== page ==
Water and Climate

Scientific research programs and materials have engaged with climatic changes for many years now. The whole process of these changes, however, was reduced almost exclusively to the question of so-called greenhouse gases. Many scientists claim that the connection of changes in the water (hydrological) cycles with climate changes is great but has so far been insufficiently studied. While attention thus far has focused on the impact of climate changes on the water cycle, the altered paradigm recommends concentrating attention on the impact of changes in the water cycle on climate changes.

The urban revolution is associated last but not least with sewerage. Our modern cities and more and more villages, are paved and their surfaces are reinforced with impermeable materials. The shortage of space and the need for comfort caused rainfall over cities or urban spaces to be perceived as a kind of burden. So, rainwater began to be perceived more as wastewater, which is carried away by public sewerage, in most cases along with sewage water. So now nearly all rainwater from the cities of Europe is carried away from the paved and roofed areas by rainwater outfall systems to rivers and eventually to the seas. According to estimates, more than 20 billion m3 of rainwater are sluiced away each year from the European continent. Over the past 50 years, then, more than 1000 billion m3 — that is, 1000 km3 — of rainwater, which in the past saturated the ecosystem and soil, filled out the stocks of groundwater, replenished springs and through its evaporation, moistened the climate, has been sluiced away from the European continent. The rapid outflow from paved urban environments with sewerage systems contributes to the higher occurrences of flooding threatening populations downstream. The most serious fact, however, is that, for a long time, we have been drying out the environment in which we live. We are causing a long-term drop in groundwater supplies, a growth in temperatures in city structures, a fall in atmospheric humidity, a start of civilizational diseases typical for urban environments, etc.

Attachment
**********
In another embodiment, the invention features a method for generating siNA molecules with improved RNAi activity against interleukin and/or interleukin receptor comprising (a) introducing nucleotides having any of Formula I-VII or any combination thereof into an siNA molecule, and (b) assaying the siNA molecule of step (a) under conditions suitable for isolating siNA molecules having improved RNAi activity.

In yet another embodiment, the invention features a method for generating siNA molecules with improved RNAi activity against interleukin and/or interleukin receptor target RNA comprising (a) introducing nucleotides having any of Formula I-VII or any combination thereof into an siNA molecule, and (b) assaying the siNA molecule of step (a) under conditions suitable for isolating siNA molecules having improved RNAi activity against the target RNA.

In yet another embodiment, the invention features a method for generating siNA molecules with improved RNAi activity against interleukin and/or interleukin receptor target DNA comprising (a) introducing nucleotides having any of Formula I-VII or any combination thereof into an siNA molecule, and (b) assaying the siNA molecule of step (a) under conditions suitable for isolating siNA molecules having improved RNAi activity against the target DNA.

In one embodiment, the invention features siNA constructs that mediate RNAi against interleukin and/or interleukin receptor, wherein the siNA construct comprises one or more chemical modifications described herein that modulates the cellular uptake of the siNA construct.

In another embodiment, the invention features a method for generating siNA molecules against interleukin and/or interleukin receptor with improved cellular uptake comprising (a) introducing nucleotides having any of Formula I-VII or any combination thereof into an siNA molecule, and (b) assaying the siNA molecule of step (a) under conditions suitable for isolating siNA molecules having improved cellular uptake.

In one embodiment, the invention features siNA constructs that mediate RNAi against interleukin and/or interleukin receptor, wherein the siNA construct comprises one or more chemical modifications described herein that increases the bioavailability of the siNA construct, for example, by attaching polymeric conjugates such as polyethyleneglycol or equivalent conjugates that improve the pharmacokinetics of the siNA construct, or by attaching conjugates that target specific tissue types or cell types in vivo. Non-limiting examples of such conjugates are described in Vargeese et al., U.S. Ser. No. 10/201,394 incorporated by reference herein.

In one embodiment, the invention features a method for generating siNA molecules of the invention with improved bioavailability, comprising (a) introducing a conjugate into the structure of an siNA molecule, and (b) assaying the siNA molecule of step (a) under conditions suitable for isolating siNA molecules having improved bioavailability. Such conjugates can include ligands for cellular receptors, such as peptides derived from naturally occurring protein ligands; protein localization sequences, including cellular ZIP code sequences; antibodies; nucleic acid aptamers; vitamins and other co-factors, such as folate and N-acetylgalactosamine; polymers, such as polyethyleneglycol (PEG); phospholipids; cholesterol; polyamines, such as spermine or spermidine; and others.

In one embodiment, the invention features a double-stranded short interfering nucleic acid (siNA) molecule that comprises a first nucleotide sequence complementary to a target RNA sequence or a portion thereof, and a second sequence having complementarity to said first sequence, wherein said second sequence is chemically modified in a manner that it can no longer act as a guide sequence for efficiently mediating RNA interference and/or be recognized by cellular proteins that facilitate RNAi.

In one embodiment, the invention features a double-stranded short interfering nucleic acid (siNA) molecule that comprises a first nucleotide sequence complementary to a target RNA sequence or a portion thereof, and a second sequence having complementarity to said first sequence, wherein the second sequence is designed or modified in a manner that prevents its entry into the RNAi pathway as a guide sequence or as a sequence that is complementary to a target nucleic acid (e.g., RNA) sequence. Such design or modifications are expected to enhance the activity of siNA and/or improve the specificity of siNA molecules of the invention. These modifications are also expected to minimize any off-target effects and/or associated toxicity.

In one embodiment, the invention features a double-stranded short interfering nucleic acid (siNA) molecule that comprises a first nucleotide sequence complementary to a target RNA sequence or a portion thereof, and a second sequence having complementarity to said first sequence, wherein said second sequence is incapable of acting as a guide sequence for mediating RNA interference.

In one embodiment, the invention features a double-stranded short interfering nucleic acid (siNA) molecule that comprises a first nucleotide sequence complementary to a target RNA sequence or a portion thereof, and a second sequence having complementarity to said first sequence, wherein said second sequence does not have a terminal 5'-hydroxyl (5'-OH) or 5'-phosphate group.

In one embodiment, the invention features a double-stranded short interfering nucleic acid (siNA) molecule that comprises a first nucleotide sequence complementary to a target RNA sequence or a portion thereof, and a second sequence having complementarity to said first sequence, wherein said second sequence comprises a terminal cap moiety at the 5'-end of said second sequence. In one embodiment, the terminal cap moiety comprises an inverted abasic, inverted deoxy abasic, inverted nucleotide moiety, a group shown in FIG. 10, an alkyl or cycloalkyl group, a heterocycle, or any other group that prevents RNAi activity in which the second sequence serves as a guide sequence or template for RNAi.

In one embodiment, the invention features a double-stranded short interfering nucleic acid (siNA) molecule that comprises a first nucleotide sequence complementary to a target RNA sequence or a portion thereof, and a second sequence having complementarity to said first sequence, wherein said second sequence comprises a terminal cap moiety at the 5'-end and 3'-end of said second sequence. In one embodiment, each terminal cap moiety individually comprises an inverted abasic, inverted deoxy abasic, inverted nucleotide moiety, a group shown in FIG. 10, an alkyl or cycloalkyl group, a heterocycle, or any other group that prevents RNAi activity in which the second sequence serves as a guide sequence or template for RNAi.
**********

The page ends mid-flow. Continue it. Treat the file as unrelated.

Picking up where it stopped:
If solar radiation on a hot summer day falls on a surface well stocked with water, the majority of the solar energy is consumed in evaporation (60-80%) – dissipates into latent heat, which is not itself accompanied by increase in temperature. If the sun’s rays fall on a drained area, most of the solar radiation (60-80%) is converted into sensible heat. Largescale draining and removing of vegetation is connected with the release of a colossal amount of heat and with the formation of so-called ‘hot plates‘ on land. Sensible heat released from just 10 km2 of drained country (a small town) for a sunny day is comparable with the installation power of all the power plants in the Slovak Republic (6,000 MW). A fall in evaporation by 1 mm per day over the total area of the Slovak Republic (49,000 km2) leads to release of perceptible heat of around 35,000 GWh for one sunny day. This is an amount of heat larger than the annual power production of all the power plants in the Slovak Republic.